Today we are releasing a new version of the Hunch question-and-answer interface. The main idea behind the new interface is that you now see Hunch’s top recommendations updated in real time as you answer questions.
Besides giving instant feedback, this also lets you see how each answer you give affects the recommendations. We think it does a better job exposing Hunch’s intelligence, particularly the statistical intelligence the system has acquired from the tens of millions of user feedback clicks collected over the past few months.
Here’s an example. Suppose you are looking for a video game and you’re a brand new Hunch user – Hunch knows nothing about you (you can try this yourself by logging out and going to our video games topic). You start by seeing a list of video games ranked by overall popularity among users:
Now suppose I answer the question on the left by clicking on XBox 360. The list on the right then updates, showing only the most popular Xbox 360 games:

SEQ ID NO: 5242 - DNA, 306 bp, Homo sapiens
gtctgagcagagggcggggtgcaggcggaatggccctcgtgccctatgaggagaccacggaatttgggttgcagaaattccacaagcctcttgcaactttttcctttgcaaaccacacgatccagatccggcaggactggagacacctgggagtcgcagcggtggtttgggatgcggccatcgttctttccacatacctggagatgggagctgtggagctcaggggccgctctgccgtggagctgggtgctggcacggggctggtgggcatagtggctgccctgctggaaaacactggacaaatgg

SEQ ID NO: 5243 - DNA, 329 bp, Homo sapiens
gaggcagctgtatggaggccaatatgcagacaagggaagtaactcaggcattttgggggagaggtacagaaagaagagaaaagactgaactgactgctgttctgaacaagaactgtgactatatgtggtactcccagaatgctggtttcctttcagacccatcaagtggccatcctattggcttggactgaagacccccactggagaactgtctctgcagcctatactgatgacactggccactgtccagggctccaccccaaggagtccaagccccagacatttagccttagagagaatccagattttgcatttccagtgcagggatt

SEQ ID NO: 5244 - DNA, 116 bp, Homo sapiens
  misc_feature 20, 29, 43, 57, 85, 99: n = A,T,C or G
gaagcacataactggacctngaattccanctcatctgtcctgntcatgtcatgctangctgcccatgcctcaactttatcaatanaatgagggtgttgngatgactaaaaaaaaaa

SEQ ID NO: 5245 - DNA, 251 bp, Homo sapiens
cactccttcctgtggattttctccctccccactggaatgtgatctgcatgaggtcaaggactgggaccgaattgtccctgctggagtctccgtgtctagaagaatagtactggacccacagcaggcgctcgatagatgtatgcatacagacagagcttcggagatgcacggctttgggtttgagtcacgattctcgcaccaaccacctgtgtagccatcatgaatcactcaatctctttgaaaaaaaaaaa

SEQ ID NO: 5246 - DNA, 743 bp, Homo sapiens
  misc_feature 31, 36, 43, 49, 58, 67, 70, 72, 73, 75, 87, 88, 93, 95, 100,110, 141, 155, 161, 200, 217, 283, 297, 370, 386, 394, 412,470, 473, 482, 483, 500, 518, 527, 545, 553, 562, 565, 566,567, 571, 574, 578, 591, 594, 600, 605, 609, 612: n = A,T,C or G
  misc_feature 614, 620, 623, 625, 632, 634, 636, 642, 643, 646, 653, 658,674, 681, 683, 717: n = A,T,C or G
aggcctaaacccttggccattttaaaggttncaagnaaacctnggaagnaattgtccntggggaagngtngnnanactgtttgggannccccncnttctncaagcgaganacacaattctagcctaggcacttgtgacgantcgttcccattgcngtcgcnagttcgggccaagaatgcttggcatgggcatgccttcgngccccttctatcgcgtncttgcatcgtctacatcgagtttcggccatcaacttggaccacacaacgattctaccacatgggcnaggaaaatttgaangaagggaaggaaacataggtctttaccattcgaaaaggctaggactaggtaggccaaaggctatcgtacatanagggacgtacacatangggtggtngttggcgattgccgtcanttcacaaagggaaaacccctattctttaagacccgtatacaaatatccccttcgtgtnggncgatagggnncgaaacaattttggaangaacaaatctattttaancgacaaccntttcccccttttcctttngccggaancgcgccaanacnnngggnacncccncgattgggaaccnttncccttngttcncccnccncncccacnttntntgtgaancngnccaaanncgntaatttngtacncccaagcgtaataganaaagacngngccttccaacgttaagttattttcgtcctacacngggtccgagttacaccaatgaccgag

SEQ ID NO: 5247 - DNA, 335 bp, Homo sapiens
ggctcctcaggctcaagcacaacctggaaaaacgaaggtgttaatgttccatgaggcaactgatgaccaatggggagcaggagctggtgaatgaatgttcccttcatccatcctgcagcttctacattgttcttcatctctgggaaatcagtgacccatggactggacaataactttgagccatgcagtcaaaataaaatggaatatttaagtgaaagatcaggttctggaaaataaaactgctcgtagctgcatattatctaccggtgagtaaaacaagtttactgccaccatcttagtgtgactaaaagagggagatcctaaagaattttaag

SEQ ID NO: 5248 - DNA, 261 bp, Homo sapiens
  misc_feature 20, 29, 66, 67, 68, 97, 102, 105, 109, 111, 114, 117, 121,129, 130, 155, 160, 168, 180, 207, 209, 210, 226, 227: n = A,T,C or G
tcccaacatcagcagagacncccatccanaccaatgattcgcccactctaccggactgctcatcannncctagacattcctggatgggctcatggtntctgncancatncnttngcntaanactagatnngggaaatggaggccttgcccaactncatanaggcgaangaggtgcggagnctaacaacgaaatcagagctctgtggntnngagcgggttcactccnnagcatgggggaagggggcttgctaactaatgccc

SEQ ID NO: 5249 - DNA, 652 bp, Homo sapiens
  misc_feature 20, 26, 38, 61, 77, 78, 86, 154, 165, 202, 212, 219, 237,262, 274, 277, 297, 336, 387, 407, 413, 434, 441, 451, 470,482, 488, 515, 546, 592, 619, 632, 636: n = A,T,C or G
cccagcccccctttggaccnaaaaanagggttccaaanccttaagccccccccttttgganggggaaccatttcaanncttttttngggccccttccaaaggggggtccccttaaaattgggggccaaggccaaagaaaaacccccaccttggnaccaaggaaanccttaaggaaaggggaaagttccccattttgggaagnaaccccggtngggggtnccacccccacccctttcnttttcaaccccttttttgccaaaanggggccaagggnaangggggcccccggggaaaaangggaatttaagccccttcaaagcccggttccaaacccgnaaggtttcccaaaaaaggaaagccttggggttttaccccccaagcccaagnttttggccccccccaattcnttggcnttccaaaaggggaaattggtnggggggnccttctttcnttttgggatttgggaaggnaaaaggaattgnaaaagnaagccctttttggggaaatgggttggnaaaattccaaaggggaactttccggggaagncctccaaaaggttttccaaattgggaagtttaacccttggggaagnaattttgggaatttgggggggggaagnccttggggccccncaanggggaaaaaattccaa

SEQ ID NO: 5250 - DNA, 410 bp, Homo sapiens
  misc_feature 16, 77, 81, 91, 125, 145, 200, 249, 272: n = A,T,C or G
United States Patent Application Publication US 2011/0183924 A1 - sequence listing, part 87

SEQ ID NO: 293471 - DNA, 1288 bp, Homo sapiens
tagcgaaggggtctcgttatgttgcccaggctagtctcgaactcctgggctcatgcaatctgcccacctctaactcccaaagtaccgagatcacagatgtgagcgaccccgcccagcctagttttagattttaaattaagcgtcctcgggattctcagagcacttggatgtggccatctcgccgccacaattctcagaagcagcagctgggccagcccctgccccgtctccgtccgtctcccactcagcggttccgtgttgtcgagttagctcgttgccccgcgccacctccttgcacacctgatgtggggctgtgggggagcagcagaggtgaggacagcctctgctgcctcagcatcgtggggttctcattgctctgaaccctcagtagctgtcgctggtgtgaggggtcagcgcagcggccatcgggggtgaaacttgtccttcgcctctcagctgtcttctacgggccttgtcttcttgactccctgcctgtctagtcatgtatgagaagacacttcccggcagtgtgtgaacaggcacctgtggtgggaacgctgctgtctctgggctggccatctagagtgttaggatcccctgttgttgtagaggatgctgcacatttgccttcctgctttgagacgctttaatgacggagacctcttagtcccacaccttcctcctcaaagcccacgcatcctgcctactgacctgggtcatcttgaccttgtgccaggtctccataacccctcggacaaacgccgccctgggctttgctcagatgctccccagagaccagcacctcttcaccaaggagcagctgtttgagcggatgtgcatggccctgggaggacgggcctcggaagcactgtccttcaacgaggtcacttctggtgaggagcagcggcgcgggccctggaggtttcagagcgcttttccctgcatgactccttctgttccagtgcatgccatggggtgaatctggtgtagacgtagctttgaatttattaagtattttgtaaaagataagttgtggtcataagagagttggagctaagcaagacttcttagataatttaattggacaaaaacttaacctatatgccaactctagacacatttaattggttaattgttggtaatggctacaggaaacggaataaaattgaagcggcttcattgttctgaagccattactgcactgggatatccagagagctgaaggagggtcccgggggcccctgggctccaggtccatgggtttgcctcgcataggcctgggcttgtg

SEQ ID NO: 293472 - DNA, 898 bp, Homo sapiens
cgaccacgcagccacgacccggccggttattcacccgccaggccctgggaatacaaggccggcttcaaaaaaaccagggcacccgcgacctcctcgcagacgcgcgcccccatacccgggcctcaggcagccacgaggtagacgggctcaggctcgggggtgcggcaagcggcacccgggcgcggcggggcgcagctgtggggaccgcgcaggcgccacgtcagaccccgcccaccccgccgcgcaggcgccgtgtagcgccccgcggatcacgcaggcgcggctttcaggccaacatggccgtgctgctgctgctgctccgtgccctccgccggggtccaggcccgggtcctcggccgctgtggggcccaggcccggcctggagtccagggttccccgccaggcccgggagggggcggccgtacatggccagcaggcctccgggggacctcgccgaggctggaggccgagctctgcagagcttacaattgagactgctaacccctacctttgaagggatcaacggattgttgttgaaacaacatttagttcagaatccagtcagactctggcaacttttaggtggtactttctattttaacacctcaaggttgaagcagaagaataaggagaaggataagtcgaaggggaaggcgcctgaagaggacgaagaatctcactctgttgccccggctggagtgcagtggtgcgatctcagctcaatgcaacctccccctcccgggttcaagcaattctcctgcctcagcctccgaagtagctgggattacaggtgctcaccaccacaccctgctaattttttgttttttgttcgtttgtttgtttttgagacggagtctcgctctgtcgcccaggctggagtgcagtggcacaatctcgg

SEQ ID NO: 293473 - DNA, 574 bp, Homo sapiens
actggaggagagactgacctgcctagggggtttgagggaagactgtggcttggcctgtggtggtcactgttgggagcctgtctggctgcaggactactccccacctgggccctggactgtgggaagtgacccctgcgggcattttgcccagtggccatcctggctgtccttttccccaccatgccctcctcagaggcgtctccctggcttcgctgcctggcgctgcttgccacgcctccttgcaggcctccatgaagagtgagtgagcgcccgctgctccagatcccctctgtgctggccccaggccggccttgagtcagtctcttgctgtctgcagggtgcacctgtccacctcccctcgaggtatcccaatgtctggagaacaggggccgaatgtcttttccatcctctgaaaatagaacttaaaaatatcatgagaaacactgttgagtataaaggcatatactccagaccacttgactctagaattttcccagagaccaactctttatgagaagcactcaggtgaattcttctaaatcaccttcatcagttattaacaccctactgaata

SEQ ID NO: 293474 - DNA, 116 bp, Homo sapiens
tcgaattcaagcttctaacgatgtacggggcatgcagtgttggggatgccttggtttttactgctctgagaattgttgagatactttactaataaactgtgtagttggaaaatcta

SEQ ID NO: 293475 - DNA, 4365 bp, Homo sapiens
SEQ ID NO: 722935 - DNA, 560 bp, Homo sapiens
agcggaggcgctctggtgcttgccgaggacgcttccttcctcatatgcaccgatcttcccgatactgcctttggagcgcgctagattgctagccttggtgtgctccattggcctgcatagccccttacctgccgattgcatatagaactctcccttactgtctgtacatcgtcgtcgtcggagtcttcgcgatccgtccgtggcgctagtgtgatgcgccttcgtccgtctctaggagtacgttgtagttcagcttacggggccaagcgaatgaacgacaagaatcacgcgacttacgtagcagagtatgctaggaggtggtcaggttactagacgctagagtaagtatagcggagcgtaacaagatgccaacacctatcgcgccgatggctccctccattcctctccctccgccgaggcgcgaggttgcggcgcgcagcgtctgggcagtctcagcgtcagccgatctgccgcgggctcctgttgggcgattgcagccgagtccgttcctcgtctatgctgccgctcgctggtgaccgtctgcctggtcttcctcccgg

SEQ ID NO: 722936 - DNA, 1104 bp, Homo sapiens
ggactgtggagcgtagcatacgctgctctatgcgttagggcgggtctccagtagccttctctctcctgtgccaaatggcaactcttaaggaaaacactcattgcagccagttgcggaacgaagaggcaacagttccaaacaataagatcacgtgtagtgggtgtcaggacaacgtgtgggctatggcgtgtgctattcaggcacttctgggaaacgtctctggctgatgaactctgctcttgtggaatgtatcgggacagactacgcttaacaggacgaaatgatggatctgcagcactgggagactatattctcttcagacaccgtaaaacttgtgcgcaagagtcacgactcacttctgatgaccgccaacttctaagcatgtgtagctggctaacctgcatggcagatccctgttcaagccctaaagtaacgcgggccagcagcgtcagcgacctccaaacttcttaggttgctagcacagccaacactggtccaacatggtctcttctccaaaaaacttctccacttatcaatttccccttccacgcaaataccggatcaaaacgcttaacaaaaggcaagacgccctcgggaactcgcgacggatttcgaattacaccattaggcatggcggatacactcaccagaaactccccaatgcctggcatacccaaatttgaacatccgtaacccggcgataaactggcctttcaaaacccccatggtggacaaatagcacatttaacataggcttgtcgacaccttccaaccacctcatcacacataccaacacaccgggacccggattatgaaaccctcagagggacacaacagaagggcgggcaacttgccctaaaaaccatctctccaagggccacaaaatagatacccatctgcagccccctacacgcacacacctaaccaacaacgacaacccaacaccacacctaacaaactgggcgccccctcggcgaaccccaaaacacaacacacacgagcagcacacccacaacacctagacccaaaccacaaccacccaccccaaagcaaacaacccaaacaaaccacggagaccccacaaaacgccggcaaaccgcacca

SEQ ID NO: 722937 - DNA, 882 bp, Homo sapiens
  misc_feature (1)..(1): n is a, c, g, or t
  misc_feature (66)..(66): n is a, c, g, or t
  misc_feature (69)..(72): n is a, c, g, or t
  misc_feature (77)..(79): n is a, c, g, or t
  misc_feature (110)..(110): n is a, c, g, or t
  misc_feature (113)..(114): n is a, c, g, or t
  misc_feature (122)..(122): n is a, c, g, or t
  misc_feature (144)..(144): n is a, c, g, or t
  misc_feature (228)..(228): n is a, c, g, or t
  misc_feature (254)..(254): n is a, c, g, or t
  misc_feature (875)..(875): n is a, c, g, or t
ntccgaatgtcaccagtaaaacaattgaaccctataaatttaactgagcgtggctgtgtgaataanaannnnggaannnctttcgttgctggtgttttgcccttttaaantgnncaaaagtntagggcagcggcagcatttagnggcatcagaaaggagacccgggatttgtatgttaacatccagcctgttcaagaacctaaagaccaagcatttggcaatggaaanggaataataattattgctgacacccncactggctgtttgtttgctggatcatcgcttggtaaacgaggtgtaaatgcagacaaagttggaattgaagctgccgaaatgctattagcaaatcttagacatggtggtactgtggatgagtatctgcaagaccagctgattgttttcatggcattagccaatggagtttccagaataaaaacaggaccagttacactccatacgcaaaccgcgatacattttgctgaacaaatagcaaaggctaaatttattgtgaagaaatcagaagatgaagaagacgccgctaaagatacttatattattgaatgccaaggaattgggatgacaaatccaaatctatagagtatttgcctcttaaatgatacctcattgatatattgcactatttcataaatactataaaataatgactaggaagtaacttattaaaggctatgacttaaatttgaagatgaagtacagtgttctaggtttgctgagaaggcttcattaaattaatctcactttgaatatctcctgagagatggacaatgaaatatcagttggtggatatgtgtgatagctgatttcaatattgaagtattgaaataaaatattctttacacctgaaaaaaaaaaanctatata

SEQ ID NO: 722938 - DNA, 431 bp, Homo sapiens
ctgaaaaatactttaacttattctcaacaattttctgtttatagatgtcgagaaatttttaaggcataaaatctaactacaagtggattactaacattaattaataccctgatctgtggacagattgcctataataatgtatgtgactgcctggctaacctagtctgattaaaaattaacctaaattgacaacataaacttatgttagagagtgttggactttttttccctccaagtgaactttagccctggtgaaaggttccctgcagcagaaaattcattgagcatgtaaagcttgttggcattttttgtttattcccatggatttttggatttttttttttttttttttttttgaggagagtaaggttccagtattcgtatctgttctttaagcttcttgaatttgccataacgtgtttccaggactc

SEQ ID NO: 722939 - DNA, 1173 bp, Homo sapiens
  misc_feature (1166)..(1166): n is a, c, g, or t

Since at this point I haven’t told Hunch anything about myself, this list is still just an un-personalized list of popular XBox 360 video games. Now let’s try some basic personalization. Suppose I start over and instead of answering which video game console I prefer, I click on “About me” tab:
and click on Male. The video game list then changes to show games that tend to be preferred by males:
This list is determined statistically from Hunch user responses. For example, Fallout 3 rose to the #1 spot after I said I was male because Hunch user responses correlate liking Fallout 3 with being male:
This is obviously a very basic example of personalization. Things get more interesting when you answer a series of questions and Hunch combines filters and statistical data on the fly, thereby giving you highly personalized and relevant results.
Another new feature is that if you click Yes or No next to a result:
Hunch will not only learn from your click – thereby getting smarter – it will also recompute the result list on the screen instantly.
For example, let’s start video games from the beginning again and click “No” next to the top result Brain Age. Hunch then changes my result list to show more “hardcore” games that are statistically anti-correlated with Brain Age (a game hardcore gamers tend to think is “kiddie”):
Please feel free to give us any feedback on the new interface.